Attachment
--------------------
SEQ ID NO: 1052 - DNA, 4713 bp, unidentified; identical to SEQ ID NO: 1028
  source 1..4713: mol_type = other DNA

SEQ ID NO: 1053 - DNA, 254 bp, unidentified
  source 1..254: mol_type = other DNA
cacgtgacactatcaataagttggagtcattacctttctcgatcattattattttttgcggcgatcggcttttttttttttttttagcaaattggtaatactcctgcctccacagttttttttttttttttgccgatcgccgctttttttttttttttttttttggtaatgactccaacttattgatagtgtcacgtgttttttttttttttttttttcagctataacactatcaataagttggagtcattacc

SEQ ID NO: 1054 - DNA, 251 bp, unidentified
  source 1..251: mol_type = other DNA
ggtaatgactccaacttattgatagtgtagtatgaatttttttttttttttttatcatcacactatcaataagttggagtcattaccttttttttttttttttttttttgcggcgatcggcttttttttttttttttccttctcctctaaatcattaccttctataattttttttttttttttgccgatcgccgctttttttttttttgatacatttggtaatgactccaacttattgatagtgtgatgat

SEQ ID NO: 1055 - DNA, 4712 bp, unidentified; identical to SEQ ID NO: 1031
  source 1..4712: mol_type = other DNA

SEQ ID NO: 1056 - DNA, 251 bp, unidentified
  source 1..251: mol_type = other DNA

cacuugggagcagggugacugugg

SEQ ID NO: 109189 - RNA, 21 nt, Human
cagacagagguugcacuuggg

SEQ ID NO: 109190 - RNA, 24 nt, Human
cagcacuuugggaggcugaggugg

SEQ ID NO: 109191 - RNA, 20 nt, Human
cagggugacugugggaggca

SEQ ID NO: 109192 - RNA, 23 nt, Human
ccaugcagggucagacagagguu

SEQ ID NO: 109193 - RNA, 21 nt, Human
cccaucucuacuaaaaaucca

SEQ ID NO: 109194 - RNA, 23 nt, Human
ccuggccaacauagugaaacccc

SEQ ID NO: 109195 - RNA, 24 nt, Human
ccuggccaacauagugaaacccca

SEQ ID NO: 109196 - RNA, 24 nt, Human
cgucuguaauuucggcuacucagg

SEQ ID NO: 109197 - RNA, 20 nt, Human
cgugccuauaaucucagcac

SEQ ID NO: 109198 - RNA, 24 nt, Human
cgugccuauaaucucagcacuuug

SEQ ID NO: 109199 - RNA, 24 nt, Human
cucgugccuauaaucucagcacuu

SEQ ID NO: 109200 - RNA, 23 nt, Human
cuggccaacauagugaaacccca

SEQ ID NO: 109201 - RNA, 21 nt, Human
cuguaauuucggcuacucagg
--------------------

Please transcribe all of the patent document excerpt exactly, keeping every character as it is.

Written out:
SEQ ID NO: 1052 - DNA, 4713 bp, unidentified; identical to SEQ ID NO: 1028
  source 1..4713: mol_type = other DNA

SEQ ID NO: 1053 - DNA, 254 bp, unidentified
  source 1..254: mol_type = other DNA
cacgtgacactatcaataagttggagtcattacctttctcgatcattattattttttgcggcgatcggcttttttttttttttttagcaaattggtaatactcctgcctccacagttttttttttttttttgccgatcgccgctttttttttttttttttttttggtaatgactccaacttattgatagtgtcacgtgttttttttttttttttttttcagctataacactatcaataagttggagtcattacc

SEQ ID NO: 1054 - DNA, 251 bp, unidentified
  source 1..251: mol_type = other DNA
ggtaatgactccaacttattgatagtgtagtatgaatttttttttttttttttatcatcacactatcaataagttggagtcattaccttttttttttttttttttttttgcggcgatcggcttttttttttttttttccttctcctctaaatcattaccttctataattttttttttttttttgccgatcgccgctttttttttttttgatacatttggtaatgactccaacttattgatagtgtgatgat

SEQ ID NO: 1055 - DNA, 4712 bp, unidentified; identical to SEQ ID NO: 1031
  source 1..4712: mol_type = other DNA

SEQ ID NO: 1056 - DNA, 251 bp, unidentified
  source 1..251: mol_type = other DNA

cacuugggagcagggugacugugg

SEQ ID NO: 109189 - RNA, 21 nt, Human
cagacagagguugcacuuggg

SEQ ID NO: 109190 - RNA, 24 nt, Human
cagcacuuugggaggcugaggugg

SEQ ID NO: 109191 - RNA, 20 nt, Human
cagggugacugugggaggca

SEQ ID NO: 109192 - RNA, 23 nt, Human
ccaugcagggucagacagagguu

SEQ ID NO: 109193 - RNA, 21 nt, Human
cccaucucuacuaaaaaucca

SEQ ID NO: 109194 - RNA, 23 nt, Human
ccuggccaacauagugaaacccc

SEQ ID NO: 109195 - RNA, 24 nt, Human
ccuggccaacauagugaaacccca

SEQ ID NO: 109196 - RNA, 24 nt, Human
cgucuguaauuucggcuacucagg

SEQ ID NO: 109197 - RNA, 20 nt, Human
cgugccuauaaucucagcac

SEQ ID NO: 109198 - RNA, 24 nt, Human
cgugccuauaaucucagcacuuug

SEQ ID NO: 109199 - RNA, 24 nt, Human
cucgugccuauaaucucagcacuu

SEQ ID NO: 109200 - RNA, 23 nt, Human
cuggccaacauagugaaacccca

SEQ ID NO: 109201 - RNA, 21 nt, Human
cuguaauuucggcuacucagg